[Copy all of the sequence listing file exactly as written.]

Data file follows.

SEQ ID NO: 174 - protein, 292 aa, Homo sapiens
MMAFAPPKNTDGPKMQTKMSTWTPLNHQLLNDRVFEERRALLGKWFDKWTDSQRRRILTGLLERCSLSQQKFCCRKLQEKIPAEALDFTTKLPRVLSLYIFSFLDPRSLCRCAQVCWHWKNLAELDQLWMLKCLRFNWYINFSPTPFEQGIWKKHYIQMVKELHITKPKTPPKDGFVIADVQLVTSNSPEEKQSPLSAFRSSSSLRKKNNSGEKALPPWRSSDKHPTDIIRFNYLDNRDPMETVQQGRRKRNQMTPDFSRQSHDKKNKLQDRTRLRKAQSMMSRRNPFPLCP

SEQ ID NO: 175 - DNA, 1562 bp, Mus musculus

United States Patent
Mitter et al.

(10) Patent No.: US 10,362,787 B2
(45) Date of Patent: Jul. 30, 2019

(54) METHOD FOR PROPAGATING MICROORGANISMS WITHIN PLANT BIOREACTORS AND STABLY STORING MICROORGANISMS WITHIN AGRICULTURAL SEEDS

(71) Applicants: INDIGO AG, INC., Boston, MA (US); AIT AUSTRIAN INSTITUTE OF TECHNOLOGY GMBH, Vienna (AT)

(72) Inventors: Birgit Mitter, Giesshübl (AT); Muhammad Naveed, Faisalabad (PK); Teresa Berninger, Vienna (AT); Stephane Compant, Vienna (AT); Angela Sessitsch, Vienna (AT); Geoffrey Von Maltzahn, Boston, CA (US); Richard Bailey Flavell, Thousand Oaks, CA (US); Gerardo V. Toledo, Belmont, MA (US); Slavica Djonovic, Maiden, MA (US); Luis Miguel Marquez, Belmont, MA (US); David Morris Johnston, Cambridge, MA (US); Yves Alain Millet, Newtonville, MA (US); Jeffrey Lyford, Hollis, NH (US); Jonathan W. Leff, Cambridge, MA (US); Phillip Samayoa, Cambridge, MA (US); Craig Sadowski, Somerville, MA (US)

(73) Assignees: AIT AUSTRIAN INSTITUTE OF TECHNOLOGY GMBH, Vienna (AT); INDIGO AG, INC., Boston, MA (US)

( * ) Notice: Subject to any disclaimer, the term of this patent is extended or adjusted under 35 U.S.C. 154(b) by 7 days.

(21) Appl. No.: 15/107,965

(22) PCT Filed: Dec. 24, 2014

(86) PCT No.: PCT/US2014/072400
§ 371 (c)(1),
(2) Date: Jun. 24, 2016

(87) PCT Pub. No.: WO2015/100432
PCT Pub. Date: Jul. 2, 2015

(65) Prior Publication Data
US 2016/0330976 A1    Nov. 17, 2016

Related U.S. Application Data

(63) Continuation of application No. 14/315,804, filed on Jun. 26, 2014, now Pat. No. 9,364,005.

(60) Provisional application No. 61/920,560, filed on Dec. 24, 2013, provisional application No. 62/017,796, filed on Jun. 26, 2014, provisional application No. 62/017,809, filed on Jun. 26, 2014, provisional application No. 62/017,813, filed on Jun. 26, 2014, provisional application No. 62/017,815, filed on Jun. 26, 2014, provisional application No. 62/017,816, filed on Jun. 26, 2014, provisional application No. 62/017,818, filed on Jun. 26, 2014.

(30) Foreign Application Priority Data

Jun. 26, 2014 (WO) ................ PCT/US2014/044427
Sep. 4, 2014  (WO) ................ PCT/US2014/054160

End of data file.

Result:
SEQ ID NO: 174 - protein, 292 aa, Homo sapiens
MMAFAPPKNTDGPKMQTKMSTWTPLNHQLLNDRVFEERRALLGKWFDKWTDSQRRRILTGLLERCSLSQQKFCCRKLQEKIPAEALDFTTKLPRVLSLYIFSFLDPRSLCRCAQVCWHWKNLAELDQLWMLKCLRFNWYINFSPTPFEQGIWKKHYIQMVKELHITKPKTPPKDGFVIADVQLVTSNSPEEKQSPLSAFRSSSSLRKKNNSGEKALPPWRSSDKHPTDIIRFNYLDNRDPMETVQQGRRKRNQMTPDFSRQSHDKKNKLQDRTRLRKAQSMMSRRNPFPLCP

SEQ ID NO: 175 - DNA, 1562 bp, Mus musculus

United States Patent
Mitter et al.

(10) Patent No.: US 10,362,787 B2
(45) Date of Patent: Jul. 30, 2019

(54) METHOD FOR PROPAGATING MICROORGANISMS WITHIN PLANT BIOREACTORS AND STABLY STORING MICROORGANISMS WITHIN AGRICULTURAL SEEDS

(71) Applicants: INDIGO AG, INC., Boston, MA (US); AIT AUSTRIAN INSTITUTE OF TECHNOLOGY GMBH, Vienna (AT)

(72) Inventors: Birgit Mitter, Giesshübl (AT); Muhammad Naveed, Faisalabad (PK); Teresa Berninger, Vienna (AT); Stephane Compant, Vienna (AT); Angela Sessitsch, Vienna (AT); Geoffrey Von Maltzahn, Boston, CA (US); Richard Bailey Flavell, Thousand Oaks, CA (US); Gerardo V. Toledo, Belmont, MA (US); Slavica Djonovic, Maiden, MA (US); Luis Miguel Marquez, Belmont, MA (US); David Morris Johnston, Cambridge, MA (US); Yves Alain Millet, Newtonville, MA (US); Jeffrey Lyford, Hollis, NH (US); Jonathan W. Leff, Cambridge, MA (US); Phillip Samayoa, Cambridge, MA (US); Craig Sadowski, Somerville, MA (US)

(73) Assignees: AIT AUSTRIAN INSTITUTE OF TECHNOLOGY GMBH, Vienna (AT); INDIGO AG, INC., Boston, MA (US)

( * ) Notice: Subject to any disclaimer, the term of this patent is extended or adjusted under 35 U.S.C. 154(b) by 7 days.

(21) Appl. No.: 15/107,965

(22) PCT Filed: Dec. 24, 2014

(86) PCT No.: PCT/US2014/072400
§ 371 (c)(1),
(2) Date: Jun. 24, 2016

(87) PCT Pub. No.: WO2015/100432
PCT Pub. Date: Jul. 2, 2015

(65) Prior Publication Data
US 2016/0330976 A1    Nov. 17, 2016

Related U.S. Application Data

(63) Continuation of application No. 14/315,804, filed on Jun. 26, 2014, now Pat. No. 9,364,005.

(60) Provisional application No. 61/920,560, filed on Dec. 24, 2013, provisional application No. 62/017,796, filed on Jun. 26, 2014, provisional application No. 62/017,809, filed on Jun. 26, 2014, provisional application No. 62/017,813, filed on Jun. 26, 2014, provisional application No. 62/017,815, filed on Jun. 26, 2014, provisional application No. 62/017,816, filed on Jun. 26, 2014, provisional application No. 62/017,818, filed on Jun. 26, 2014.

(30) Foreign Application Priority Data

Jun. 26, 2014 (WO) ................ PCT/US2014/044427
Sep. 4, 2014  (WO) ................ PCT/US2014/054160